Are The Washington Post's foreign bureaus next to get cut?

Network News

X Profile
View More Activity
By Andrew Alexander
Sunday, December 13, 2009

The Post recently announced plans to close its remaining domestic bureaus in New York, Los Angeles and Chicago. Are the foreign bureaus next?

For a money-losing newspaper with a "for and about Washington" focus, expensive overseas bureaus would seem endangered. If The Post can't afford correspondents in its own country, how can it justify them around the globe? Recently, the paper has quietly decided that bureaus will go dark in Johannesburg, Rio de Janeiro and Berlin. Some Post staffers fear the beginning of the end of a storied commitment to foreign news.

Top editors insist it isn't. There's good reason to believe them. Readership data show strong demand for foreign news. And Washington has a large and literate international community.

"I wouldn't have come here if I didn't believe that the paper was committed to it," said Foreign Editor Douglas Jehl, who came on board in August from the New York Times to supervise the foreign operation, including its 13 bureaus. Executive Editor Marcus W. Brauchli said, "I don't see us reducing that staff."

But the focus of coverage is changing, geographically and conceptually.

"We're making some hard choices and we're not covering all parts of the world equally," said Jehl. "We're throwing more resources into those parts of the world that we think matter most."

A bureau is opening in Islamabad to expand Afghanistan-Pakistan coverage that had been provided by a sole Kabul-based reporter. Next year, a bureau will open in Beirut to increase coverage of the Arab world. Bureaus remain in Baghdad, London, Paris, Jerusalem, Beijing, Tokyo, New Delhi, Moscow, Nairobi, Mexico City, Kabul and Bogota. Reinforcements from Washington will continue to be assigned temporarily to overseas hot spots.

Jehl said readers will see fewer Post bylines on routine news stories already provided by wire services, fewer "touristic" features, less "stenographic" coverage and more emphasis on brevity.

"There were too many long stories in the past," said Jehl. "Too many stories took too long to unwind." He wants coverage that is "urgent and delivered at a length that is digestible, and in a form that's digestible." He added: "We're spending less time writing enormous, lengthy projects aimed at prize juries and fellow journalists."

Foreign coverage is expensive. Brauchli will say only that it costs The Post "somewhere between" $5 million and $10 million annually. With salaries, travel, war zone insurance, relocation expenses, cost-of-living adjustments, security personnel and local support staff, the total cost is probably near the high end of that estimate. At the peak of the Iraq war, yearly expenses for The Post's Baghdad bureau were roughly $1.5 million. The Post has sent more than 80 staffers to cover the war. For foreign coverage, it can draw on about 90 staffers who, combined, are fluent or conversational in 30 languages.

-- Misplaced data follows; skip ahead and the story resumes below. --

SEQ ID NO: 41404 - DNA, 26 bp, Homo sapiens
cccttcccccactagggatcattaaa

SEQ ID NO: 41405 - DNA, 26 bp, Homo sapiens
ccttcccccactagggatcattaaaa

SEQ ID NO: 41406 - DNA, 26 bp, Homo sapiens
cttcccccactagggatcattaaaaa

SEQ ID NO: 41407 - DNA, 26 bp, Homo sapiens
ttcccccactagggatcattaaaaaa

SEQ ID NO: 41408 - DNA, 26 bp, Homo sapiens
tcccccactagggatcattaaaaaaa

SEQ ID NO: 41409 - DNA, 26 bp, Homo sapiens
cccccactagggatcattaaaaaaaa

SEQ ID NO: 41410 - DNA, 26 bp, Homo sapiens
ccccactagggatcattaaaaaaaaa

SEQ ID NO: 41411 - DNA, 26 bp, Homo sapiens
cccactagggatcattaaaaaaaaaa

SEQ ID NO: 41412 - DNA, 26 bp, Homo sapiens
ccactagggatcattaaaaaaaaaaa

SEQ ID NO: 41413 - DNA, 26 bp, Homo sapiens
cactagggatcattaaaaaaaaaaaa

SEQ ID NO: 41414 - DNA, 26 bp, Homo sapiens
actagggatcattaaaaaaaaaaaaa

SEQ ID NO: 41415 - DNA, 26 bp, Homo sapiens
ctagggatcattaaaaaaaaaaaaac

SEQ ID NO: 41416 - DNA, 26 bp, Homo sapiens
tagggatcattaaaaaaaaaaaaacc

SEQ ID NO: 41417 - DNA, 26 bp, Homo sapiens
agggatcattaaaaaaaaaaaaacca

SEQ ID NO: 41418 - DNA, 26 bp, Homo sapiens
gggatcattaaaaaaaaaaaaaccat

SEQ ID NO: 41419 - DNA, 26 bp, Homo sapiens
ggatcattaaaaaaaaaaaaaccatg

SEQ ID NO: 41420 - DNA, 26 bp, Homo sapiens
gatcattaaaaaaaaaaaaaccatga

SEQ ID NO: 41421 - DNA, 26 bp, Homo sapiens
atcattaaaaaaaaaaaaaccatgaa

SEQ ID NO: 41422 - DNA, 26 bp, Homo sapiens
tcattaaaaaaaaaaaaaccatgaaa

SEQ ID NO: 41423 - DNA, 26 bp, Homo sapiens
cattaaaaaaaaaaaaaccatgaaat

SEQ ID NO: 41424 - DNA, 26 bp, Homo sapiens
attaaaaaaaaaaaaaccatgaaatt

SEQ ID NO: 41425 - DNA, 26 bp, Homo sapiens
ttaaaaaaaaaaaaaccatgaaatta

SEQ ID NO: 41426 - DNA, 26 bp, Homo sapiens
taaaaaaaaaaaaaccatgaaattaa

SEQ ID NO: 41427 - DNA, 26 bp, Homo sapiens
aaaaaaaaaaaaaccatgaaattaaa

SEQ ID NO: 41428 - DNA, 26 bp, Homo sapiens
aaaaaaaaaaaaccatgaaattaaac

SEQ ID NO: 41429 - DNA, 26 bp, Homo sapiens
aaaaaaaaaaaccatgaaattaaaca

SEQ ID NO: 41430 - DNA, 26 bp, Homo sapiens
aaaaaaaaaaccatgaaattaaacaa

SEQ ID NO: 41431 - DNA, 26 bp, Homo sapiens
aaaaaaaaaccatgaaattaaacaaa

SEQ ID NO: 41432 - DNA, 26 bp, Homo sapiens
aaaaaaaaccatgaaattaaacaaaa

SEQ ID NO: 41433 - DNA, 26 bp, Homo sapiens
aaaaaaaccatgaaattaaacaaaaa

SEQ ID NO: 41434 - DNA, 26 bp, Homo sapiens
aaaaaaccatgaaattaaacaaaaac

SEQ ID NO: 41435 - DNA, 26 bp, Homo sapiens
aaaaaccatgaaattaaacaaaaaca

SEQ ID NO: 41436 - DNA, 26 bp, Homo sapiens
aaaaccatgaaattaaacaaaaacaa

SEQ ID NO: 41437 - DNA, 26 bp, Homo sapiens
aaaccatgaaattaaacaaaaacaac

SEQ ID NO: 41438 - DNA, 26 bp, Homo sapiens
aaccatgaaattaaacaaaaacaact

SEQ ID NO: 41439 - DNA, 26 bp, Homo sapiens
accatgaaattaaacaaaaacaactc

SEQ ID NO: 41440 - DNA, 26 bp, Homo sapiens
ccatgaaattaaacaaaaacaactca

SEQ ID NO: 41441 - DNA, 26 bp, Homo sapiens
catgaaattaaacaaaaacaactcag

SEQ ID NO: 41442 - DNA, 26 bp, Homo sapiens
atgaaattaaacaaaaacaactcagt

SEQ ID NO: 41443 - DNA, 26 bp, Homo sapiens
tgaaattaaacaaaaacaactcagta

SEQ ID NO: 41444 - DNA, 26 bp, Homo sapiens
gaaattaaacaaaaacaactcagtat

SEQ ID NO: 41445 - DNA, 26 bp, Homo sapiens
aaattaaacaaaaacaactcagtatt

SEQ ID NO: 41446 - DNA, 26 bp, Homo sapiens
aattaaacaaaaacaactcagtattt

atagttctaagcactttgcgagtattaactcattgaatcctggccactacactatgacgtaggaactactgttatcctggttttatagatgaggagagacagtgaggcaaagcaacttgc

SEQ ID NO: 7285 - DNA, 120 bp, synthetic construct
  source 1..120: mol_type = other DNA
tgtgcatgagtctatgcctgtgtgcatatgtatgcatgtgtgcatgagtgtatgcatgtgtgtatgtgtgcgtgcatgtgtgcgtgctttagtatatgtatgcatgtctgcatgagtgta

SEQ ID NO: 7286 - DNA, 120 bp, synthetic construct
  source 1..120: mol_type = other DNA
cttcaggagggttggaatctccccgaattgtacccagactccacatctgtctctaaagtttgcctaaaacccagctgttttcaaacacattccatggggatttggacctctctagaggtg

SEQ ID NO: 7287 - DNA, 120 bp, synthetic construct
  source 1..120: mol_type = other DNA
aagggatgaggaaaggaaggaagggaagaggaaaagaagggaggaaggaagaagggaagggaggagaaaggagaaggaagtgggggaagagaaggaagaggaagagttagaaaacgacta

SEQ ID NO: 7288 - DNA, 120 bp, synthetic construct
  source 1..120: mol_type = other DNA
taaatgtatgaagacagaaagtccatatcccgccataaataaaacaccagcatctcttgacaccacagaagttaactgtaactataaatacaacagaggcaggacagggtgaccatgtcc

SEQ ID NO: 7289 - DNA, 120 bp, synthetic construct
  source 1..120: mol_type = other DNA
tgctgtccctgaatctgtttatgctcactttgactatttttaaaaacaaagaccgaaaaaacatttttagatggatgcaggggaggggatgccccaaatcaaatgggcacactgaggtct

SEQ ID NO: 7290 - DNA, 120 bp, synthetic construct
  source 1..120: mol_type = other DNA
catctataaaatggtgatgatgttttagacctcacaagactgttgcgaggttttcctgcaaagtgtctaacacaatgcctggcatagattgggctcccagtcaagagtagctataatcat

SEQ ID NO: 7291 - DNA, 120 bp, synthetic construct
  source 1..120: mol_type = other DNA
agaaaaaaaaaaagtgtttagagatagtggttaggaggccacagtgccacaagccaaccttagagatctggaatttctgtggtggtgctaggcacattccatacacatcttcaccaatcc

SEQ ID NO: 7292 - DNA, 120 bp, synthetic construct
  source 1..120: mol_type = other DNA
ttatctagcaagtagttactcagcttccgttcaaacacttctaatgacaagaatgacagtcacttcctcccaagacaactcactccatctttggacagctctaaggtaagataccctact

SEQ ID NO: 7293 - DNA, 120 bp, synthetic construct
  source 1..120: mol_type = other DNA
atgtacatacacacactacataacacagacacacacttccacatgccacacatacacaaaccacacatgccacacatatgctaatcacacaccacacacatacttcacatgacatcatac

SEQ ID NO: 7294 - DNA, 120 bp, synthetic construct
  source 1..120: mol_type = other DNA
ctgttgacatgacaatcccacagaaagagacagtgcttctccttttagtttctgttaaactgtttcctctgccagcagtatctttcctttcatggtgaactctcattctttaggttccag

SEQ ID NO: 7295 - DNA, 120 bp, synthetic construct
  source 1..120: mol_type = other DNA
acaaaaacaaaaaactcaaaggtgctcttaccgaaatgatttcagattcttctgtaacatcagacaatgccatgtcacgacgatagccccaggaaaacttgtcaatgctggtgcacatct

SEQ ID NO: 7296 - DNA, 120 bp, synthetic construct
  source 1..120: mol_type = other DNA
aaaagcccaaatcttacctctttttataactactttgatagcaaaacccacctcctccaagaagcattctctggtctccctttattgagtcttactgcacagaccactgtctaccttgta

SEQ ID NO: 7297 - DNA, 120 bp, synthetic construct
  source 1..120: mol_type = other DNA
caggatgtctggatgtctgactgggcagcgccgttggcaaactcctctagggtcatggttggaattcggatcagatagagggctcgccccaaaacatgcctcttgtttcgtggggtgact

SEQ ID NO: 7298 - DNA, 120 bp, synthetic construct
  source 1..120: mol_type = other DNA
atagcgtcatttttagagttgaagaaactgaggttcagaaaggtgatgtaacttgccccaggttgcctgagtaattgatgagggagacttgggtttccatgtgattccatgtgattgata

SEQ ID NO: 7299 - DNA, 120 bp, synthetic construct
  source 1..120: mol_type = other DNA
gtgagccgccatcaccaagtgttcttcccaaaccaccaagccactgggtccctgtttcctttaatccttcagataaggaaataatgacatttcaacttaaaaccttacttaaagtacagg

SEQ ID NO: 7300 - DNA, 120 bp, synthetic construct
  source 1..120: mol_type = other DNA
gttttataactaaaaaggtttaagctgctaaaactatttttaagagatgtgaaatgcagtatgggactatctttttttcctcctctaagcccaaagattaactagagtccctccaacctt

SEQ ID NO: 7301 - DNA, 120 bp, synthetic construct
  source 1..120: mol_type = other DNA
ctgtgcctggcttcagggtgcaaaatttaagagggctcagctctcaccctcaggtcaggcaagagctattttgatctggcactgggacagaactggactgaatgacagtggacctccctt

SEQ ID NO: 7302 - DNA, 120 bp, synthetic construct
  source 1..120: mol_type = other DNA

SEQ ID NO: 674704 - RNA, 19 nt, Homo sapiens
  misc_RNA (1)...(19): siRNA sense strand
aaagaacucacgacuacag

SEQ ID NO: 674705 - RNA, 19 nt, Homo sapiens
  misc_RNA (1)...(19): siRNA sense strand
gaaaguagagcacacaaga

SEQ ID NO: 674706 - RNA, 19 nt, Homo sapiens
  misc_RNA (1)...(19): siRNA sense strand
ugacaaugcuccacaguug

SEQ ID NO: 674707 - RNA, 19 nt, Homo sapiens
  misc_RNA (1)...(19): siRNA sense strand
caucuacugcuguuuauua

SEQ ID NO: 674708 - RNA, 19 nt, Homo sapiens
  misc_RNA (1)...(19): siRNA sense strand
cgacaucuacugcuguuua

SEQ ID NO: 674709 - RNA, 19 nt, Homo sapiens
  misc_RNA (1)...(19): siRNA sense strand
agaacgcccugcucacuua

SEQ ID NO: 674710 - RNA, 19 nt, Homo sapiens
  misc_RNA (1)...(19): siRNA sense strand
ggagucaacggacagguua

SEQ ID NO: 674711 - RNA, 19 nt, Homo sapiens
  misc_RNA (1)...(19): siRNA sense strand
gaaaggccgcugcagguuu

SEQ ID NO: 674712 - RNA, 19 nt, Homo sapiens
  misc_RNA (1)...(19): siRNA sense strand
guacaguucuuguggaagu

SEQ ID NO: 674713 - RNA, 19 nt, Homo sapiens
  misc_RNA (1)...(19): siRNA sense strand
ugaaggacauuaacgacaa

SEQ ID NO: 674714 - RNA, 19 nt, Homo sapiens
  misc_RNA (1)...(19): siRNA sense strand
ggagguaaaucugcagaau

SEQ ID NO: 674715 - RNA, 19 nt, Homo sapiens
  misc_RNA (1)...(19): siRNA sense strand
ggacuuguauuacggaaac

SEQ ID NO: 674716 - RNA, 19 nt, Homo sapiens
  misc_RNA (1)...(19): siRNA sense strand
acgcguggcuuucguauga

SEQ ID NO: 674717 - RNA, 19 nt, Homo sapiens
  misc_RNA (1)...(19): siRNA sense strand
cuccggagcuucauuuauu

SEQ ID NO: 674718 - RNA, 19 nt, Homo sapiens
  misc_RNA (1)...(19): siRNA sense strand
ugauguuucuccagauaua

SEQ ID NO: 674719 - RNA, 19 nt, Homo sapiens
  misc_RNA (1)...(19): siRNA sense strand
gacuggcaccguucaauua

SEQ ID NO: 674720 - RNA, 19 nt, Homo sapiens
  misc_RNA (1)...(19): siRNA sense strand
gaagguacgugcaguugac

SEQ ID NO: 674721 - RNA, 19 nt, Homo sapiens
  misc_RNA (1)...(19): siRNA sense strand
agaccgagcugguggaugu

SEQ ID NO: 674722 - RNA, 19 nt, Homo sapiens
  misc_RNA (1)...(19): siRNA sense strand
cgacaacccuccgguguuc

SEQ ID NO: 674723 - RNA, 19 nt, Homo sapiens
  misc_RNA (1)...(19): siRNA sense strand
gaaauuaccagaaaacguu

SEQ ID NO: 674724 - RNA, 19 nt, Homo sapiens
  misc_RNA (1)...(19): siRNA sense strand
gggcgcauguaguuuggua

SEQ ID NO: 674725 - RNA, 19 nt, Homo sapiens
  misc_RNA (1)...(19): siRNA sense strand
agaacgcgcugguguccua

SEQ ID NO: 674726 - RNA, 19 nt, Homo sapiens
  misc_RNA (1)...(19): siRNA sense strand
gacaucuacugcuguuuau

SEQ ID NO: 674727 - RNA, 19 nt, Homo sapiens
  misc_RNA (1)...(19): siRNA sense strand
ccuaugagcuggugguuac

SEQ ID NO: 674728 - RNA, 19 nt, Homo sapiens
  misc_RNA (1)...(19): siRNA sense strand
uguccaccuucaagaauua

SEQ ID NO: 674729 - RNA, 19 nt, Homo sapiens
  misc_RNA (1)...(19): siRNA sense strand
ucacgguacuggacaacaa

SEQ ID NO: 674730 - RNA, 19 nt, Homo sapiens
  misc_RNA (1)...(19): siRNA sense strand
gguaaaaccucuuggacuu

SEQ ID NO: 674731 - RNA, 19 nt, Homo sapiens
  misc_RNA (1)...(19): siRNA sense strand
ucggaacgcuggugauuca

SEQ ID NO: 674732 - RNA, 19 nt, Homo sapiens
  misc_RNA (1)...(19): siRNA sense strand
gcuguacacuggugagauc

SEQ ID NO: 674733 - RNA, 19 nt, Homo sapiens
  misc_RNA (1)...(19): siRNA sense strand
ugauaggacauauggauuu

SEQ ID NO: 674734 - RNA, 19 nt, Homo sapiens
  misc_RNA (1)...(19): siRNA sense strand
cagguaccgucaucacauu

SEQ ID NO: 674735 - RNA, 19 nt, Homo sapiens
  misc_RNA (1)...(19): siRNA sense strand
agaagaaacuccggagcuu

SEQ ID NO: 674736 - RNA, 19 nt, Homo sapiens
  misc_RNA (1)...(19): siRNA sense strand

Post newspaper readership surveys in recent years have shown high interest in the world news pages. It is less than for the front page and the Metro section, but about equal to the Style section and comfortably more than in Sports, the opinion pages and Business. On The Post's Web site, the order of interest is somewhat different, and world news tends to rank behind those other sections.

Many of these readers are part of Washington's unique international constituency. Hundreds of thousands work for the State Department, the intelligence agencies, the World Bank, the International Monetary Fund, the Pentagon, the diplomatic corps, and groups and corporations with global interests. A Brookings Institution report this year said the region has more than a million foreign-born residents.

The challenge is providing coverage that fits The Post's "for and about Washington" mantra. Jehl said this doesn't mean going hyper-local, such as covering local members of Congress on foreign fact-finding trips. Rather, it means focusing on "issues that matter most" in Washington. "It's not all about conflicts" like Iraq or Afghanistan, he said. It's also about economic or military matters in China or India that have special resonance with The Post's foreign news consumers.

Many newspapers have sharply reduced or abandoned foreign coverage, prompting a myth that it's becoming extinct. In reality, it's evolving -- and thriving. Much of the coverage is now specialized. Bloomberg News, which began providing financial news in 1990 with a six-person staff, currently employs 1,500 people in 145 bureaus worldwide. And news organizations are sharing correspondents (The Post does this with NPR in Bogota) or have "bartered" to swap stories from parts of the world where one or the other needs coverage.

Jehl expects further modest budget belt-tightening through 2011. If The Post's financial fortunes worsen, of course, everything will be on the table. But for now, foreign coverage seems safe.

Andrew Alexander can be reached at 202-334-7582 or at

© 2009 The Washington Post Company

Network News

X My Profile
View More Activity